How to Cope When Life is Hard

A version of this article originally appeared in the fall 2022 issue of STILLPOINT magazine.

When chaos and calamity feel too close for comfort, Janine Halloran ’00 (psychology) takes a deep breath and begins sorting the swirling anxieties and fears. “What can I control, and what can’t I control?” she asks herself. “I cannot control wars overseas or a global pandemic or climate change, but I can control my response. I can control my behavior, my actions and my thoughts, and that is what I focus on.” 

She remembers being coached through this approach by her therapist in high school, and decades later, Halloran is coaching children and teenagers to do the same. It’s a coping skill, she explains, and one of dozens that she outlines in her #1 Amazon bestseller, The Coping Skills for Kids Workbook, and The Coping Skills for Teens Workbook. “They are safe, healthy strategies for self-regulation. People can use them when they feel overwhelmed, stressed, anxious and angry, whether it’s over something small or something huge,” explains Halloran, a licensed mental health counselor and owner of Coping Skills for Kids. 

Learning and implementing these types of strategies pays dividends. “Research shows that if you focus on kids’ social and emotional learning, their academic performance increases by 11 percentile points,” she says. 

Halloran has grouped common coping styles into five major categories: relaxation, distraction, movement, processing and sensory. “For some people, mindfulness is amazing for managing daily anxiety. For other people, moving their bodies is what’s going to shake feelings of anger or angst. For other people, reading a book is really going to be magical because it gives them a break from being overstimulated. Others enjoy working with their hands as an outlet for stress,” she explains. Everyone’s way of coping is different, but Halloran suggests that everyone— kids and adults alike—find what works for them and use it. 

“We can’t fill from an empty cup; we need to recharge ourselves, especially now,” she says. “There’s an intensity to life, but it’s at a whole new level after living in a pandemic.” So, Halloran is channeling lessons learned from her 20 years of working with families to develop a new coping skills workbook—this time, for adults. Post-pandemic, Halloran says, the “helpers”—parents, teachers, counselors, therapists, nurses—are the ones who need the help.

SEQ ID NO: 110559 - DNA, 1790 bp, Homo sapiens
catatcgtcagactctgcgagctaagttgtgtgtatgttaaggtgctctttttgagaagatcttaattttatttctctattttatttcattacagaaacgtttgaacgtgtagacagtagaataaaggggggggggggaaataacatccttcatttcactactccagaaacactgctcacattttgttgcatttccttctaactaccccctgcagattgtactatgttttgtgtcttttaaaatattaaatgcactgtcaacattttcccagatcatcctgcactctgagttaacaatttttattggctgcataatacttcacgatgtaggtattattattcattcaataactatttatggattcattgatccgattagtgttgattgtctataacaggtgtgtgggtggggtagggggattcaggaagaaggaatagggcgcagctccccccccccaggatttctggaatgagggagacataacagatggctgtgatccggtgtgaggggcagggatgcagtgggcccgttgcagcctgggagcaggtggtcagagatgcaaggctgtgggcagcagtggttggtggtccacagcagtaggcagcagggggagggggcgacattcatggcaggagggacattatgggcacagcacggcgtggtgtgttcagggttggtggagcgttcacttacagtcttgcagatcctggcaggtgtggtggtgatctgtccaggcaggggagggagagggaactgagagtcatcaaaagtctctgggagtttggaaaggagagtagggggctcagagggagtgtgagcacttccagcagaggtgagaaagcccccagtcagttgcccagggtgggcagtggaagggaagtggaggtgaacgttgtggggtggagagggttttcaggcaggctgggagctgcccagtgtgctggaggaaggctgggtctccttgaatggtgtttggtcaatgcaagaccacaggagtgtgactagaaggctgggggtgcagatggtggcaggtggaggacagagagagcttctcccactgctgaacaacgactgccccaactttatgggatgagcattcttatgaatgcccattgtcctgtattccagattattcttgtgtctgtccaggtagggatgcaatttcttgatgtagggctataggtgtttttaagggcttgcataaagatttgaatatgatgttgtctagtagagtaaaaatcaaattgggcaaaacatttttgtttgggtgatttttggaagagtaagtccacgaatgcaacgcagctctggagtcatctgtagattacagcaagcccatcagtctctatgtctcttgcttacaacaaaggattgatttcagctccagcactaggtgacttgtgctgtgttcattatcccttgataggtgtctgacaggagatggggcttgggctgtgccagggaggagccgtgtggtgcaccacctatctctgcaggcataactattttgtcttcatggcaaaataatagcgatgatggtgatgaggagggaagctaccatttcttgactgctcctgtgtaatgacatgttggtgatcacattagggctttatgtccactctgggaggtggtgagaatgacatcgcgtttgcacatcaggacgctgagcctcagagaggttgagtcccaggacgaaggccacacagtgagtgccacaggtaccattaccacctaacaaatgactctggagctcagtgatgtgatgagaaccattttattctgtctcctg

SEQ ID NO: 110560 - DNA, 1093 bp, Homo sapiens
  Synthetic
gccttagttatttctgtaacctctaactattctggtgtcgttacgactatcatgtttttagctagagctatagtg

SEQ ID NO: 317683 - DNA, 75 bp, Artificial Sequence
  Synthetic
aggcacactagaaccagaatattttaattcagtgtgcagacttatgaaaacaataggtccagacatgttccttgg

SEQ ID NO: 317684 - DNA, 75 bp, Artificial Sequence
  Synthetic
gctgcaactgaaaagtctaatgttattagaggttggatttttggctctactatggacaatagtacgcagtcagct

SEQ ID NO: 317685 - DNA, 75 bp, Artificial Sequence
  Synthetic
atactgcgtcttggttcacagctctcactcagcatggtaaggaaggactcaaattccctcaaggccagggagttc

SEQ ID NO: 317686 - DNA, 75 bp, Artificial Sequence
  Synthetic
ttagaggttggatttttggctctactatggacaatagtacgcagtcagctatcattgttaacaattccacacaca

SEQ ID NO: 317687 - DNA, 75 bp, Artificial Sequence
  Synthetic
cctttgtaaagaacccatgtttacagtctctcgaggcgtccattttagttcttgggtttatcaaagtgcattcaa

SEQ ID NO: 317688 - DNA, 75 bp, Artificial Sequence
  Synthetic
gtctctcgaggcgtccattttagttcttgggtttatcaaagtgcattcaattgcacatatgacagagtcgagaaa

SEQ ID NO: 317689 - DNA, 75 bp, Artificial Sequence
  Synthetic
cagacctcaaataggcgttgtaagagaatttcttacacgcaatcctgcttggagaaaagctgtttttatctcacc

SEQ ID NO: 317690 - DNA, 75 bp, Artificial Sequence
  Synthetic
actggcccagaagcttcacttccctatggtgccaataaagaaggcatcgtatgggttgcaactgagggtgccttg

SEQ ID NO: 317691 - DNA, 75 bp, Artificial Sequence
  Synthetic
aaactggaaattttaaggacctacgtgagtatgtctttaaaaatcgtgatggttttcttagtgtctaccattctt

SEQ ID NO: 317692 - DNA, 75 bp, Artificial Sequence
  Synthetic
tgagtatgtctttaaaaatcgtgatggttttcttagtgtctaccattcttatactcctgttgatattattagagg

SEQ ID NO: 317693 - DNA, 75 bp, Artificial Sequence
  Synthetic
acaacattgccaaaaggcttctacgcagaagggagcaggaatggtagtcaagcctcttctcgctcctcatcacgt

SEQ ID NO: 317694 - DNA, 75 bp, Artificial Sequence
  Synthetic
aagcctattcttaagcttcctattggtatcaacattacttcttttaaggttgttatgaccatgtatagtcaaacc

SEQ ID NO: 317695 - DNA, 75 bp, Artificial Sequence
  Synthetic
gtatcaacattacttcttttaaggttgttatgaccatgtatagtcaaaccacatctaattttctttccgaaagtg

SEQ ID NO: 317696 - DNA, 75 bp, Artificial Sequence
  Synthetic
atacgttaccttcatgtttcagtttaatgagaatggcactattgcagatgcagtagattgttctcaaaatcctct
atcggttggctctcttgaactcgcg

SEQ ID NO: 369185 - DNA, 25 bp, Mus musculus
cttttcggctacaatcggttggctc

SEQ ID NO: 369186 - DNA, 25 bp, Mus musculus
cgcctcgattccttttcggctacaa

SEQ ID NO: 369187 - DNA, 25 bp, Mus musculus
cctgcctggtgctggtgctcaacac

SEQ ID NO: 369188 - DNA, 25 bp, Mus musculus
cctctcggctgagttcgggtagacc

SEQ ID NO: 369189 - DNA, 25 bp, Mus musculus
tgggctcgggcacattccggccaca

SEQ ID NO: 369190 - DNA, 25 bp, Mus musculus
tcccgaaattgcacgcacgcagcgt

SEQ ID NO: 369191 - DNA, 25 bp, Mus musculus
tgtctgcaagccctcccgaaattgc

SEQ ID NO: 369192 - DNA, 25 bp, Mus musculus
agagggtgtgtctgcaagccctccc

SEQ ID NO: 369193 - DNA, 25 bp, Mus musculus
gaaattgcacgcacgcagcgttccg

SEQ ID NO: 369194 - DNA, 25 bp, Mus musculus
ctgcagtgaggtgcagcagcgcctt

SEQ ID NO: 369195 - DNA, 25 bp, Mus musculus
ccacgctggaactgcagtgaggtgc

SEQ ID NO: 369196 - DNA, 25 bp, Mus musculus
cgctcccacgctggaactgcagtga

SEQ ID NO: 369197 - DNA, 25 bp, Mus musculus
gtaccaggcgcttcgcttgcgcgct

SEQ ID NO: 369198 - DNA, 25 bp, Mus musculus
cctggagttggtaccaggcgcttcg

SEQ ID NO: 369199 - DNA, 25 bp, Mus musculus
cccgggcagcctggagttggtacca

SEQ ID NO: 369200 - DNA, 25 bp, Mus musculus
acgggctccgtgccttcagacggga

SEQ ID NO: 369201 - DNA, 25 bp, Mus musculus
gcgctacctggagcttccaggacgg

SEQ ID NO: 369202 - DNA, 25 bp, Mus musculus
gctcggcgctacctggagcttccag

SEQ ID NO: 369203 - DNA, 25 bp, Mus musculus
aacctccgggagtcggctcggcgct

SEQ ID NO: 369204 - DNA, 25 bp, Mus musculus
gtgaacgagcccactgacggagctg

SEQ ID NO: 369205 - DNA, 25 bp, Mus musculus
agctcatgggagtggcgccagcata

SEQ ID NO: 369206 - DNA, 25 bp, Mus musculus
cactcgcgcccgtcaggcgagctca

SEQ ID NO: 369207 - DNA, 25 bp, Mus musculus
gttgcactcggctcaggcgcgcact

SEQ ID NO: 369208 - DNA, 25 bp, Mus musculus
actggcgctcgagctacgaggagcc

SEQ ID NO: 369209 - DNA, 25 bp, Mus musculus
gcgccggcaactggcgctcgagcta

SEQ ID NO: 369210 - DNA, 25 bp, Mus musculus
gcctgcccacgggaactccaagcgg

Helpers have immense power in shaping students’ lives, for good or for ill. So, caring for the helpers is Halloran’s newest way of caring for the kids to whom she has dedicated her career, including her own kids. 

“You think, especially when kids get to be teenagers, they’re not watching you,” she says. “But they absolutely are paying attention not only to your words but to your actions.” To practice what she preaches, Halloran keeps a checklist of the coping skills that work for her and references it daily, often after prompting from her two teenagers who notice when she needs a break. Take a walk. Play a video game. Color. 

And she holds 2 p.m. free on her calendar every day for family decompression time. It’s the sweet spot between school and work and evening activities when her middle schoolers can dish up the drama from the day and have what she calls “a feelings check-in.” Holding sacred time together and normalizing conversations about emotions keeps the Halloran home feeling safe, connected and calm. She wants this for other families, too. “I have it on my heart to write this book because I’m seeing that families are feeling overwhelmed. I’m hearing it all the time,” she says. “They’re overwhelmed. They’re stressed. They don’t know what to do.” 

Take a deep breath, remember what you can control, and then visit